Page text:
moving on because of how I shoot one of the features that I look at with every camera that I test is continuous or burst shooting and you can just point the camera at a subject hold down the shutter and the camera will just keep firing and this is a nice feature if you’re photographing sports pets kids running around or any fast-moving subject now of course the more frames you get per second the more exposures you’ll have to pick from later on and the a 6400 can shoot it up to 11 frames per second in burst mode and the RP can only shoot up to 5 frames per second now when we look at buffer memory we can see that Sony reports 99 JPEG and 46 RAW images for the a 6400 versus unlimited JPEG and 50 RAW images for the RP so as far as continuous shooting the a 6400 definitely has the advantage when it comes to speed with more than double the number of frames per second when it comes to buffer size the RP has the edge with unlimited JPEGs and only a slight edge when shooting raw for me the a 6400 fits with how I shoot because I value having more exposure over a larger buffer and I don’t ever shoot more than 99 JPEGs in burst mode I do know that some users definitely take advantage of large buffer sizes so it comes down to what you plan to do with the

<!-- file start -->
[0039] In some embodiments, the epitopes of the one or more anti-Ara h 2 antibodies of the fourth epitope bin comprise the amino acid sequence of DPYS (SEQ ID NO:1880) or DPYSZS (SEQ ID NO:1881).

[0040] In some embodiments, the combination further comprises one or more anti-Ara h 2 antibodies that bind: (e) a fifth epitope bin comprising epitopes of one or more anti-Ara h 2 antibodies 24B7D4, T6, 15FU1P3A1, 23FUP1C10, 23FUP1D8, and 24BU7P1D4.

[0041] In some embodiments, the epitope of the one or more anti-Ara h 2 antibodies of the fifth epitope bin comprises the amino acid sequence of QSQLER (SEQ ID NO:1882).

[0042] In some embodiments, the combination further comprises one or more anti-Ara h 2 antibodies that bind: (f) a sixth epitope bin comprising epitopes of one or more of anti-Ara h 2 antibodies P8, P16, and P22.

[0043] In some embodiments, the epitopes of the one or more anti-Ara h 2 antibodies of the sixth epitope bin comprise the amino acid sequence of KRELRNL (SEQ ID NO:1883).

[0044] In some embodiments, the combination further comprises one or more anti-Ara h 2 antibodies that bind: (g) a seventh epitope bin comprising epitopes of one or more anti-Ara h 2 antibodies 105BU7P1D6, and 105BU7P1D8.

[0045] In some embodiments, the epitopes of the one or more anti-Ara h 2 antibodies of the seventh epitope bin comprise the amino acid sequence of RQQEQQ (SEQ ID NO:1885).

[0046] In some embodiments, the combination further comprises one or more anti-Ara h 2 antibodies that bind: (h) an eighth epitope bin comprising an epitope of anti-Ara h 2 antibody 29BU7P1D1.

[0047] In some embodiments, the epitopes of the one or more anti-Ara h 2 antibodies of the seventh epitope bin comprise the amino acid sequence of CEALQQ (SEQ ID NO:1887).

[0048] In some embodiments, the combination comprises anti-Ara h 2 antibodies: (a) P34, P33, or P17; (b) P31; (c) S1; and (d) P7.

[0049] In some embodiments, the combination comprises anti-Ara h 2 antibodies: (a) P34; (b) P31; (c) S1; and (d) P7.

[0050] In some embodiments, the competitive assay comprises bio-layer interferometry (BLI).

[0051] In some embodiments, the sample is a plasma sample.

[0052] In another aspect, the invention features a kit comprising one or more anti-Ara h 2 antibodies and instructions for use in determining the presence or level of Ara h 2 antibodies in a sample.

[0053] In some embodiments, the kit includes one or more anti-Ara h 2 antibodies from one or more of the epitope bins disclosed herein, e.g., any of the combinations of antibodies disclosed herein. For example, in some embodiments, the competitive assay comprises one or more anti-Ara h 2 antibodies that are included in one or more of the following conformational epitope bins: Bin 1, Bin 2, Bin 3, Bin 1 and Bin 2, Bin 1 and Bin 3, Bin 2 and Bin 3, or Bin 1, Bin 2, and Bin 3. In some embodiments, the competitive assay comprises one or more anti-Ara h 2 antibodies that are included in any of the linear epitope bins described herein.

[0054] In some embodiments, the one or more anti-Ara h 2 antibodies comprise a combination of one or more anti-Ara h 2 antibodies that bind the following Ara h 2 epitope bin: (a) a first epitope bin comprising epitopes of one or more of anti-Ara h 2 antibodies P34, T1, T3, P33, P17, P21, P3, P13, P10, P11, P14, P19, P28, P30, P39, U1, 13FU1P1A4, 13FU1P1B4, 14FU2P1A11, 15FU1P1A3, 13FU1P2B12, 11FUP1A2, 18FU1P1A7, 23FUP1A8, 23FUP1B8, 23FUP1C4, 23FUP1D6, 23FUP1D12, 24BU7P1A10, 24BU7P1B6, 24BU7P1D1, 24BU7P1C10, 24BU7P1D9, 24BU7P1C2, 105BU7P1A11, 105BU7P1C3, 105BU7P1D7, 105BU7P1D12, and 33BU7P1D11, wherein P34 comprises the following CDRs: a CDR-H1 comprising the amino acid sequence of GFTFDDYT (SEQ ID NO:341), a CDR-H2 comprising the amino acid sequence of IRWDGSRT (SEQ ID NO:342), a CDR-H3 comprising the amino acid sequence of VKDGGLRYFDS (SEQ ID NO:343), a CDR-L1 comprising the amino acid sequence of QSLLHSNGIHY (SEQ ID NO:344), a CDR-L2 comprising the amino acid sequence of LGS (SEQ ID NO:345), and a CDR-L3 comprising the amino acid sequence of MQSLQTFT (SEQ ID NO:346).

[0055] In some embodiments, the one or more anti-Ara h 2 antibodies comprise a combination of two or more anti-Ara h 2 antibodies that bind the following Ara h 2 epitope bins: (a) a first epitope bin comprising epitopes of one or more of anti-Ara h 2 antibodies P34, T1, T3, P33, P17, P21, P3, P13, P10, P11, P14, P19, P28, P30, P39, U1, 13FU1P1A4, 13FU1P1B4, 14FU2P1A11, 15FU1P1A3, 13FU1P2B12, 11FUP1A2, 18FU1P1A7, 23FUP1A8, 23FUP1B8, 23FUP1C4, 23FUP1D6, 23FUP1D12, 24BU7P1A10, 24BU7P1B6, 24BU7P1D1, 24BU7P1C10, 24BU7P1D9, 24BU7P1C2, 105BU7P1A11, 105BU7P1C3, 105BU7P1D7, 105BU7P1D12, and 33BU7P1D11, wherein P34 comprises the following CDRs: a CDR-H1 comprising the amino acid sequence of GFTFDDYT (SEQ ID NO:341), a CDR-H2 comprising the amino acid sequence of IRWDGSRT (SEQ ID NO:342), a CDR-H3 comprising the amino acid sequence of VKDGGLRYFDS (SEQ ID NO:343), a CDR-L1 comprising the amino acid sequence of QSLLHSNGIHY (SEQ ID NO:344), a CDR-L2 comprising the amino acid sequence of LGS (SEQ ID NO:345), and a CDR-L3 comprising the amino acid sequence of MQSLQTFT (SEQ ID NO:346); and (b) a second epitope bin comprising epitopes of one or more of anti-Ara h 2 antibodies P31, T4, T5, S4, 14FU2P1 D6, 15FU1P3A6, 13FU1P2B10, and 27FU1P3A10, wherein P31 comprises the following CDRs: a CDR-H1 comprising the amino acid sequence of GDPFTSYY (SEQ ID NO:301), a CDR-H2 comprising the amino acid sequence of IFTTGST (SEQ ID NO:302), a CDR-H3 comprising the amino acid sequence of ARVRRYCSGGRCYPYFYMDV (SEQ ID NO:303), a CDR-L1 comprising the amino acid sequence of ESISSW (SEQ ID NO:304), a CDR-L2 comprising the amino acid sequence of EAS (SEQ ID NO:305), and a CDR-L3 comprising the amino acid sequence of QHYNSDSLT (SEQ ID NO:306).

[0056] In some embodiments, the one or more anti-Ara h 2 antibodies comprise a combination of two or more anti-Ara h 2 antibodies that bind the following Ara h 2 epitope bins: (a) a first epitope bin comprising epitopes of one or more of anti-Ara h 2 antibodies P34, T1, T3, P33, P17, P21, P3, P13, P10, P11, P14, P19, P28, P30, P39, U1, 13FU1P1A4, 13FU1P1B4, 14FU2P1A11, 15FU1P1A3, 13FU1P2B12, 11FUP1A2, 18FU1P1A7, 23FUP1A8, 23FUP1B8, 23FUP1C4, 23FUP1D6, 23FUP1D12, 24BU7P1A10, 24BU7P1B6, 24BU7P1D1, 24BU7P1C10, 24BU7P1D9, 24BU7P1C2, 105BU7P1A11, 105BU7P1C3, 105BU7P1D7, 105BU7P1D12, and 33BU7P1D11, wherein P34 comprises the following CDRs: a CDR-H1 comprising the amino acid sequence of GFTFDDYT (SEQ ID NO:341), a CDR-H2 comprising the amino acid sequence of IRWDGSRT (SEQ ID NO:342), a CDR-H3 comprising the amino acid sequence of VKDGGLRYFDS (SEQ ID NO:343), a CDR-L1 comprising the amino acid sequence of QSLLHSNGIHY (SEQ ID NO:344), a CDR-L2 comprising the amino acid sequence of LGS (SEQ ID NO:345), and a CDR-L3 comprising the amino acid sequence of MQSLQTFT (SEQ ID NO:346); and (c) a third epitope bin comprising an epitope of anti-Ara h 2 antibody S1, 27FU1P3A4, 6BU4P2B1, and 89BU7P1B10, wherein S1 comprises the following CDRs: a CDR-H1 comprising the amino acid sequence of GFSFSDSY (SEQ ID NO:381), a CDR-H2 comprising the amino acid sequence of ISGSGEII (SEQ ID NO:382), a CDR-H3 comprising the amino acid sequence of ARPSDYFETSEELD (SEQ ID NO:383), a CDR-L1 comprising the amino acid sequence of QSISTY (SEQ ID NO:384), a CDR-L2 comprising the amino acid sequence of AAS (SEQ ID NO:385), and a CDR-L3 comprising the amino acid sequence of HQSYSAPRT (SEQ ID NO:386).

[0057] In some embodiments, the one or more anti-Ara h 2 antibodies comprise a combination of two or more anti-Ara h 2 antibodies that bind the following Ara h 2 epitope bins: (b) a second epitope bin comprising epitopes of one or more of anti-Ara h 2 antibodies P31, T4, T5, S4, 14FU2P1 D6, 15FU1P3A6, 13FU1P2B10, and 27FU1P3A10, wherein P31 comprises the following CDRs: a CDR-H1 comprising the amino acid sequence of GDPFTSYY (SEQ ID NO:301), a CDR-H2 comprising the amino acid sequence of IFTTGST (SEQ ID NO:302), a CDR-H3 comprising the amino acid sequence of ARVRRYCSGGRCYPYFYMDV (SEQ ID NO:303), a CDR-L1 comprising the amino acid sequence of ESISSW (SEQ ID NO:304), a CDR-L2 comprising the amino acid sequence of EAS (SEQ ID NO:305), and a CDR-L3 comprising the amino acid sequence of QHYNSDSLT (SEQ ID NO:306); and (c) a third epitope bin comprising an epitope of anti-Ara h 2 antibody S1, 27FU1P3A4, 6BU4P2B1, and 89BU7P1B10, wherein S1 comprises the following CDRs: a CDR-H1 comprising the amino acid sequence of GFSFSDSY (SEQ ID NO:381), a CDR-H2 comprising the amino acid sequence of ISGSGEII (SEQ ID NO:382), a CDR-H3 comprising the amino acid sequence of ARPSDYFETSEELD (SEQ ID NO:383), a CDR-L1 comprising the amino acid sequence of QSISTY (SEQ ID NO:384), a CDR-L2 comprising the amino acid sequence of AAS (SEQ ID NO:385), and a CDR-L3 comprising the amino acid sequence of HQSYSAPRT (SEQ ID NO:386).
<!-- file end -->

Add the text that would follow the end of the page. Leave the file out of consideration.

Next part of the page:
camera moving on one of the most important things for me with any tool that I use is ergonomic in terms of both handling and functionality as far as size goes both cameras are relatively small which makes them both great options when it comes to Portability and travel I always consider the camera size in terms of performance ergonomics and portability so although the RP is small for full-frame sensor camera it’s quite a bit bigger than the a 6400 it was more comfortable for me to hold especially with larger lenses and it had a deeper and more secure grip on the other hand the a 6400 while slightly less comfortable is noticeably smaller and lighter so if you’re looking for something that’s small and light you want to just put in your pocket and go you might like the a 6400 if you’re looking for a bigger body that might be more comfortable to hold and use for longer shoots or for longer periods of time especially with larger lenses then you might prefer the RP I like the build quality on both cameras but the a 6400 has some weather sealing to make a dust and moisture resistant which is something that isn’t mentioned with the RP as far as battery life the a 6400 uses the older MP fw 50 battery it’s rated for 360 shots using the viewfinder and 410 shots using the LCD the RP uses the LPE 17 and it’s rated for about 250 shots if you’ve seen my detailed